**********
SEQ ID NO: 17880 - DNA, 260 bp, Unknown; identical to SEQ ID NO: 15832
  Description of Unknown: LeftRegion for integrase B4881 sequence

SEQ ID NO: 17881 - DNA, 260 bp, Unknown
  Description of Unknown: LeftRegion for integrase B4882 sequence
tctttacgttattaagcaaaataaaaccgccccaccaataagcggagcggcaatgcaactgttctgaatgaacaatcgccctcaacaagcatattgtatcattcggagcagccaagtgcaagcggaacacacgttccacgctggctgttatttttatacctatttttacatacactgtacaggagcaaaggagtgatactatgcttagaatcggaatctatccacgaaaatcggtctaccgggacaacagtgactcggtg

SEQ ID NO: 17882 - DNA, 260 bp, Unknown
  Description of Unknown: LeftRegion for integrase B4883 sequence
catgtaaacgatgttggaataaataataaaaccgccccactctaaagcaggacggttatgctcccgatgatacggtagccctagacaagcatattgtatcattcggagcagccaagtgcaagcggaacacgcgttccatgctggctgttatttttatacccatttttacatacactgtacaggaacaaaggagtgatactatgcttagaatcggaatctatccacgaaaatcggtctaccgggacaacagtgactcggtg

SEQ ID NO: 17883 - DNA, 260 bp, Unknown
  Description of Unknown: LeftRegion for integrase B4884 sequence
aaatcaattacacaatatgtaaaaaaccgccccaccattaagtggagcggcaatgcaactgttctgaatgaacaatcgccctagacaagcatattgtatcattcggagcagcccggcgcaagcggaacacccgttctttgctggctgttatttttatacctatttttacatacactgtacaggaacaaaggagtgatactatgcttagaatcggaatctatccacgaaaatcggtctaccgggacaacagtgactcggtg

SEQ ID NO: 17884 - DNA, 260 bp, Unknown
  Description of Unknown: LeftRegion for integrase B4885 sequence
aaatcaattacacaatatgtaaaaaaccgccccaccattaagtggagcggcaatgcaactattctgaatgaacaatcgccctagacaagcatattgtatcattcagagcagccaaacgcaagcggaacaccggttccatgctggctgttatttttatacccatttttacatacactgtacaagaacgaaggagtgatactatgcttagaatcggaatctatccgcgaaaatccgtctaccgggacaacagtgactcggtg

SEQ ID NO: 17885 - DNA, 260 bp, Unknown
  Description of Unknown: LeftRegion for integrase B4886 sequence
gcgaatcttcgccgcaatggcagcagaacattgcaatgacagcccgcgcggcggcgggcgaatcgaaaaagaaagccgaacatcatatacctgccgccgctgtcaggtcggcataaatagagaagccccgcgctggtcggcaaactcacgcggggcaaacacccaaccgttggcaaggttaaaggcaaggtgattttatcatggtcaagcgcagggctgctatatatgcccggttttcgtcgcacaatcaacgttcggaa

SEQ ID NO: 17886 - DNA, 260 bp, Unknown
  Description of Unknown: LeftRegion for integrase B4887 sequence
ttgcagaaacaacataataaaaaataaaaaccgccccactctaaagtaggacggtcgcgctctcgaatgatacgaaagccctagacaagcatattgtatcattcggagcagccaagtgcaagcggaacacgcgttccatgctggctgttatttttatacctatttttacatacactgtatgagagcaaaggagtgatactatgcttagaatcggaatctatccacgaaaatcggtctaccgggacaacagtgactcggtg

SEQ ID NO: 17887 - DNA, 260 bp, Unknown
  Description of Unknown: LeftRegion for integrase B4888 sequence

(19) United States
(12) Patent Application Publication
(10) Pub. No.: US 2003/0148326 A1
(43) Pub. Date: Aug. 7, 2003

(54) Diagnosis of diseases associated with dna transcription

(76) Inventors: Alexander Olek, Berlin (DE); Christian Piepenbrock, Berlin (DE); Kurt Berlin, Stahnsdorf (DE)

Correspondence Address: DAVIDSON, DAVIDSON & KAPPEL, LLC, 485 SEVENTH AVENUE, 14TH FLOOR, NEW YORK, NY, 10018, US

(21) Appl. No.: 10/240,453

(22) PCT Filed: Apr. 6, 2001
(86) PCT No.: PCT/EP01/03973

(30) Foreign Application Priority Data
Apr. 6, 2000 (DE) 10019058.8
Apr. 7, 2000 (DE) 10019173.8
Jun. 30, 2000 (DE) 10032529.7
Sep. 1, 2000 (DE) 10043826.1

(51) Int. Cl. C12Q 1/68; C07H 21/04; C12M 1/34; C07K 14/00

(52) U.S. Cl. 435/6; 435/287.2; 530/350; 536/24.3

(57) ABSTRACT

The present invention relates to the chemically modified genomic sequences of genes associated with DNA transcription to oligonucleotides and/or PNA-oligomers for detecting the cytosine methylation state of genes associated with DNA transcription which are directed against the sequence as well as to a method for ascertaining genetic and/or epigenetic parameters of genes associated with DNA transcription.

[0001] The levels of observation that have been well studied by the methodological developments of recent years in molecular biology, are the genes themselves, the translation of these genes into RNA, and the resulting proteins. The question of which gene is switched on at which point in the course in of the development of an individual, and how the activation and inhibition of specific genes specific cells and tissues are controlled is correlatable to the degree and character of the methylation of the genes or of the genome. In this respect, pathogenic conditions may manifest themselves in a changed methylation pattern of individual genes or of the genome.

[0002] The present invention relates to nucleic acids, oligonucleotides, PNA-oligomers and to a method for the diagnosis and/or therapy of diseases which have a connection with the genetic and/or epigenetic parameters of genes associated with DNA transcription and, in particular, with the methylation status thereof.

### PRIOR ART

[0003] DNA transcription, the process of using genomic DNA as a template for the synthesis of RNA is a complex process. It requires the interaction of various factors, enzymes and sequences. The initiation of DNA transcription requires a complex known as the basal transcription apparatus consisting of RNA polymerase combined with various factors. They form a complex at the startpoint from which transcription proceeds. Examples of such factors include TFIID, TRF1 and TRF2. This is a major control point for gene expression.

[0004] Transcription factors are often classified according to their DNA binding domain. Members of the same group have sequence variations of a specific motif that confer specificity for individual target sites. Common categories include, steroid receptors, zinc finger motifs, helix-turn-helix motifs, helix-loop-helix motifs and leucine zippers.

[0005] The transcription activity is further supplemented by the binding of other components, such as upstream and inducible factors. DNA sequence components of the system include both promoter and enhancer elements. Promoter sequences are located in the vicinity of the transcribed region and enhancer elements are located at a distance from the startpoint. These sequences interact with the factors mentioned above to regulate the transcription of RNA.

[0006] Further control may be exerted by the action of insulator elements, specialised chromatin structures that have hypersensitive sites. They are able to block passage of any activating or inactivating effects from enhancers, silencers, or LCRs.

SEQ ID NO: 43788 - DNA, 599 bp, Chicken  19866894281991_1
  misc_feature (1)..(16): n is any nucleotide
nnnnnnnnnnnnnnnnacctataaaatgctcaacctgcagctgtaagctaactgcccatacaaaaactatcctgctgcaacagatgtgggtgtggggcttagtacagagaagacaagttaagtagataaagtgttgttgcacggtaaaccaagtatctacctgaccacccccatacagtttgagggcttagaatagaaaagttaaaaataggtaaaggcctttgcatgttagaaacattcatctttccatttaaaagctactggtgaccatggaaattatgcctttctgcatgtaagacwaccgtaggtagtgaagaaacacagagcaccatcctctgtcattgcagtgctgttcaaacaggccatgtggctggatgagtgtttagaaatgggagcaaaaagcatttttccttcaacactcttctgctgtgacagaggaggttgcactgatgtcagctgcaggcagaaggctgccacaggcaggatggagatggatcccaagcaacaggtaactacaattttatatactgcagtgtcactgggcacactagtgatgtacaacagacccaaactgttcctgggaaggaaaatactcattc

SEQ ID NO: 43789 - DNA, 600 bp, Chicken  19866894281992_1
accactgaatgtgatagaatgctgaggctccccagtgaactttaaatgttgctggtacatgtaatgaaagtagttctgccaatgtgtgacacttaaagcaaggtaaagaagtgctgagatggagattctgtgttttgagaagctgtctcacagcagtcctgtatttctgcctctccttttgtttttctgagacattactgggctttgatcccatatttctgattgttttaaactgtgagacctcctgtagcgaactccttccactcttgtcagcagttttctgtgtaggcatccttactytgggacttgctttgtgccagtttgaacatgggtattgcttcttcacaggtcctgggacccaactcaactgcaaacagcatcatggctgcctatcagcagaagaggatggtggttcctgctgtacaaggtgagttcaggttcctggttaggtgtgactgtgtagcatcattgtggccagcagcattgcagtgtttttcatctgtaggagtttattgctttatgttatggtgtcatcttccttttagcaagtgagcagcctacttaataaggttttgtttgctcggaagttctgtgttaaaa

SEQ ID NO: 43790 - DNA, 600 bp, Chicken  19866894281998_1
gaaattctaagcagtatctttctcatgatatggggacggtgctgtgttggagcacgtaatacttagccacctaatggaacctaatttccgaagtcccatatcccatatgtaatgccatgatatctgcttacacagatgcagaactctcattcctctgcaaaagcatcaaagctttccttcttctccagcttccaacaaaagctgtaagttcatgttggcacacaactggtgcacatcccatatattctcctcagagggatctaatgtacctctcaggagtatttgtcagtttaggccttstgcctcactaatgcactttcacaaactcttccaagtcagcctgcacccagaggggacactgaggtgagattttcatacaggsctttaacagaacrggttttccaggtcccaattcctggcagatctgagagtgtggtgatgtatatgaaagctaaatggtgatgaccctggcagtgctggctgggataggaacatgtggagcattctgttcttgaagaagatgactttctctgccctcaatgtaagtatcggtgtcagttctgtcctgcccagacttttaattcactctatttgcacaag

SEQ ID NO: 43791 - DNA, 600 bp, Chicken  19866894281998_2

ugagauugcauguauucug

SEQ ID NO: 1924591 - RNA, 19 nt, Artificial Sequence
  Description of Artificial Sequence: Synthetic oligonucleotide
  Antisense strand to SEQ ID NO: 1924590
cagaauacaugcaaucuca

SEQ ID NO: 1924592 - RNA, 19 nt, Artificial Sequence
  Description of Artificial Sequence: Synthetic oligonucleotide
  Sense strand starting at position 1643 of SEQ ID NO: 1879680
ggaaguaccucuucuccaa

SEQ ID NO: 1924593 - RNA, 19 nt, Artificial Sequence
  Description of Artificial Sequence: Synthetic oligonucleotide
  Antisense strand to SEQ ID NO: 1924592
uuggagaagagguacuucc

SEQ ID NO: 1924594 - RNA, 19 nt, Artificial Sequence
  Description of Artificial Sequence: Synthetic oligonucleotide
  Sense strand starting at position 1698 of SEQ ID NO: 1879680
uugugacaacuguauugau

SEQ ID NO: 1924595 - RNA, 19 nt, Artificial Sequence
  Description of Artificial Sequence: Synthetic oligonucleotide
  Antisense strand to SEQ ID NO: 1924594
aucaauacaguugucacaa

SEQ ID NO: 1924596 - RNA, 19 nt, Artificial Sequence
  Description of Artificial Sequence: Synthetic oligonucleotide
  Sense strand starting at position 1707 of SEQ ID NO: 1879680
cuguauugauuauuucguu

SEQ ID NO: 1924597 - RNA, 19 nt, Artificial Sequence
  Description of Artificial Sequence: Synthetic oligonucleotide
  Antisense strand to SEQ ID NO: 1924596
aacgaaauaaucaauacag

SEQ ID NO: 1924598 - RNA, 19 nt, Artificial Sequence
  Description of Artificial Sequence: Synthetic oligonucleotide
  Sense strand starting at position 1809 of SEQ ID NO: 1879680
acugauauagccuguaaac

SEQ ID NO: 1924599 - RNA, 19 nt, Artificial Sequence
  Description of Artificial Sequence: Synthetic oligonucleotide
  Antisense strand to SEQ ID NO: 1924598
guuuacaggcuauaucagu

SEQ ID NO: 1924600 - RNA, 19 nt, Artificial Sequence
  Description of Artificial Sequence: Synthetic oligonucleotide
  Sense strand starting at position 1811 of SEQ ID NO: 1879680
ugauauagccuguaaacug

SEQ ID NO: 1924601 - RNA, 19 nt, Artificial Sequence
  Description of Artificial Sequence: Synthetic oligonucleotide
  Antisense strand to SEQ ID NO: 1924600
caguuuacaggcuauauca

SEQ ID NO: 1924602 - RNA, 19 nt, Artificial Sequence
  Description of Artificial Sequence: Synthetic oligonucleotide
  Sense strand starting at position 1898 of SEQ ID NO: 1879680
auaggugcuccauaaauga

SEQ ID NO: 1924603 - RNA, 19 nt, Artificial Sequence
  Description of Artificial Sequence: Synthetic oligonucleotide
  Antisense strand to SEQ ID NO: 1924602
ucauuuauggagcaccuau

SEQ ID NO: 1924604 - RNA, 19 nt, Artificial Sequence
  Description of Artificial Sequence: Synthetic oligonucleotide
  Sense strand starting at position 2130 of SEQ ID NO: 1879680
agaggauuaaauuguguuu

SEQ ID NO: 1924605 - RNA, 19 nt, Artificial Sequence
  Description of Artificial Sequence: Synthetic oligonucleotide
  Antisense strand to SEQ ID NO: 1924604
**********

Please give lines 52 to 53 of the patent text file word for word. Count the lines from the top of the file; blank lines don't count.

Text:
SEQ ID NO: 43789 - DNA, 600 bp, Chicken  19866894281992_1
accactgaatgtgatagaatgctgaggctccccagtgaactttaaatgttgctggtacatgtaatgaaagtagttctgccaatgtgtgacacttaaagcaaggtaaagaagtgctgagatggagattctgtgttttgagaagctgtctcacagcagtcctgtatttctgcctctccttttgtttttctgagacattactgggctttgatcccatatttctgattgttttaaactgtgagacctcctgtagcgaactccttccactcttgtcagcagttttctgtgtaggcatccttactytgggacttgctttgtgccagtttgaacatgggtattgcttcttcacaggtcctgggacccaactcaactgcaaacagcatcatggctgcctatcagcagaagaggatggtggttcctgctgtacaaggtgagttcaggttcctggttaggtgtgactgtgtagcatcattgtggccagcagcattgcagtgtttttcatctgtaggagtttattgctttatgttatggtgtcatcttccttttagcaagtgagcagcctacttaataaggttttgtttgctcggaagttctgtgttaaaa